Prerequisites: MA 548 Advanced Calculus II (303)(LecLabCredit Hours) A continuation of MA 547, but with greater emphasis on mathematical rigor. Topics covered may include convergence of series, RiemannStieltjes integration, functions of bounded variation, metric spaces, introduction to measure theory, and functional analysis. Close 
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 (303) (LecLabCredit Hours) Queuing theory, transportation problem, traffic theory, inventory control, search theory, and methods of optimization.
Prerequisites: MA 540 Introduction to Probability Theory (303)(LecLabCredit Hours) Sample space, events, and probability; basic counting techniques and combinatorial probability; random variables, discrete and continuous; probability mass, probability density, and cumulative distribution functions; expectation and moments; some common distributions; jointly distributed random variables, conditional distributions and independence, bivariate normal, and transformations of variables; and Central Limit Theorem. Some additional topics may include an introduction to confidence intervals and hypothesis testing. Close 
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 (303) (LecLabCredit Hours) The real number system. Introduction to metric spaces and their applications. Lebesque measure and integral from a classical and/or modern approach.
Prerequisites: MA 548 Advanced Calculus II (303)(LecLabCredit Hours) A continuation of MA 547, but with greater emphasis on mathematical rigor. Topics covered may include convergence of series, RiemannStieltjes integration, functions of bounded variation, metric spaces, introduction to measure theory, and functional analysis. Close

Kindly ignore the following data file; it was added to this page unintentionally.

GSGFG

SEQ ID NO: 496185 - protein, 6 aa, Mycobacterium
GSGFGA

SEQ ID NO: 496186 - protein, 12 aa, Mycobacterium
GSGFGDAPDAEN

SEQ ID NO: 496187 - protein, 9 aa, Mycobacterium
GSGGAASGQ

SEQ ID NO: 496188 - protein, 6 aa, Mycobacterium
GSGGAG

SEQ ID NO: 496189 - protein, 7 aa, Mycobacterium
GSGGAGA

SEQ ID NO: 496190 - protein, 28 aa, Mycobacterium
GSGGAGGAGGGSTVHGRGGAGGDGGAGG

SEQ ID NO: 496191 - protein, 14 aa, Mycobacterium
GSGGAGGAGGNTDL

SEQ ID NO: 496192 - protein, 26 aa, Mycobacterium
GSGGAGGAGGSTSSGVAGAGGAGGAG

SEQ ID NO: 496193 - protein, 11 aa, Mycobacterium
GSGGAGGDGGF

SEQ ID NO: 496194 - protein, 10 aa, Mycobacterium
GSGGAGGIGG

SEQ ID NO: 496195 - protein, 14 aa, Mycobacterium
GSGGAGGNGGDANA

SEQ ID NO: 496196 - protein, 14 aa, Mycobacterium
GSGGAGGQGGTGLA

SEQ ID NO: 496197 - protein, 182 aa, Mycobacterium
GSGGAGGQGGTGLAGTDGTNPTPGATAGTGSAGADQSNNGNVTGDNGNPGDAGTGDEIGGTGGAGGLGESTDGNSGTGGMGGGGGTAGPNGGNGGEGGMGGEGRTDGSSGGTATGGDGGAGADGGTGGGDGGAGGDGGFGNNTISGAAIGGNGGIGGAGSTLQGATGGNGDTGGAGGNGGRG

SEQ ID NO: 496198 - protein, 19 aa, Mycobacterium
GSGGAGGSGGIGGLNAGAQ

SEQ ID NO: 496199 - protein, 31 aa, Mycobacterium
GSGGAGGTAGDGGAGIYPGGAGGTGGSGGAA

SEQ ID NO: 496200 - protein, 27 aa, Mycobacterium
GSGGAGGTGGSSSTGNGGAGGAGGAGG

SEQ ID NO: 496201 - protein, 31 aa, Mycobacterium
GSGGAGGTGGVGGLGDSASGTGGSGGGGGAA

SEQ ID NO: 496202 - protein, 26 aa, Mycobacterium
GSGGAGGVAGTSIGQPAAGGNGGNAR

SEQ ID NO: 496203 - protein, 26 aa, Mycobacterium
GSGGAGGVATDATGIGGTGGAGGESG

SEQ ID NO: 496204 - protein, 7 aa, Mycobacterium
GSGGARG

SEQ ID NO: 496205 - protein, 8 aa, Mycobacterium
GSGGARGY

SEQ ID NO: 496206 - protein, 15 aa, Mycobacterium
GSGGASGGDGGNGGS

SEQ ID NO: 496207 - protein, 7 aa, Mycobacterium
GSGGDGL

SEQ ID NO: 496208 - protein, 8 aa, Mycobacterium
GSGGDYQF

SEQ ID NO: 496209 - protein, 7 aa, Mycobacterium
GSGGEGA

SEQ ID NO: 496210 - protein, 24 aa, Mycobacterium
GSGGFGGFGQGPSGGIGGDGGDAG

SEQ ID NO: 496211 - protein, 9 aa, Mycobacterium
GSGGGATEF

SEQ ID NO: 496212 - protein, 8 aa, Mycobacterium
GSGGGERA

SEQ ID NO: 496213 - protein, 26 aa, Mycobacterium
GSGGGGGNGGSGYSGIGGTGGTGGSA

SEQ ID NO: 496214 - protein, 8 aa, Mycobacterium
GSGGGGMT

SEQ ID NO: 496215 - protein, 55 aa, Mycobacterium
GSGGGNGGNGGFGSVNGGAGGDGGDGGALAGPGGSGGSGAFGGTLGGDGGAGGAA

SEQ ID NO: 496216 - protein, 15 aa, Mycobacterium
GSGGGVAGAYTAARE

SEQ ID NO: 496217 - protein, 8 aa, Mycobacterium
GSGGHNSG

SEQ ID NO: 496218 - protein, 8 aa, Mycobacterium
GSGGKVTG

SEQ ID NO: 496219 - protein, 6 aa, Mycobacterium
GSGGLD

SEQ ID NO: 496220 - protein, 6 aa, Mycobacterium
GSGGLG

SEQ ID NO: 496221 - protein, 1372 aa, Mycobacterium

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 (303) (LecLabCredit Hours) Lp spaces and applications to Fourier series and LebesqueStieltjes integral.
Prerequisites: MA 635 Real Variables I (303)(LecLabCredit Hours) The real number system. Introduction to metric spaces and their applications. Lebesque measure and integral from a classical and/or modern approach. Close 
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 (303) (LecLabCredit Hours) Prepositional calculus; syntax and semantics of first order theories; completeness theorem; elementary model theory: axiomatic development of ZermeloFraenkel or BernaysGödel set theory; and ordinals, cardinals, the axiom of choice, and several equivalent axioms.
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 (303) (LecLabCredit Hours) First order number theory; primitive and general recursive functions; arithmetization; Gödel’s incompleteness theorems; Tarski’s theorems; and syntax and semantics of second order theories.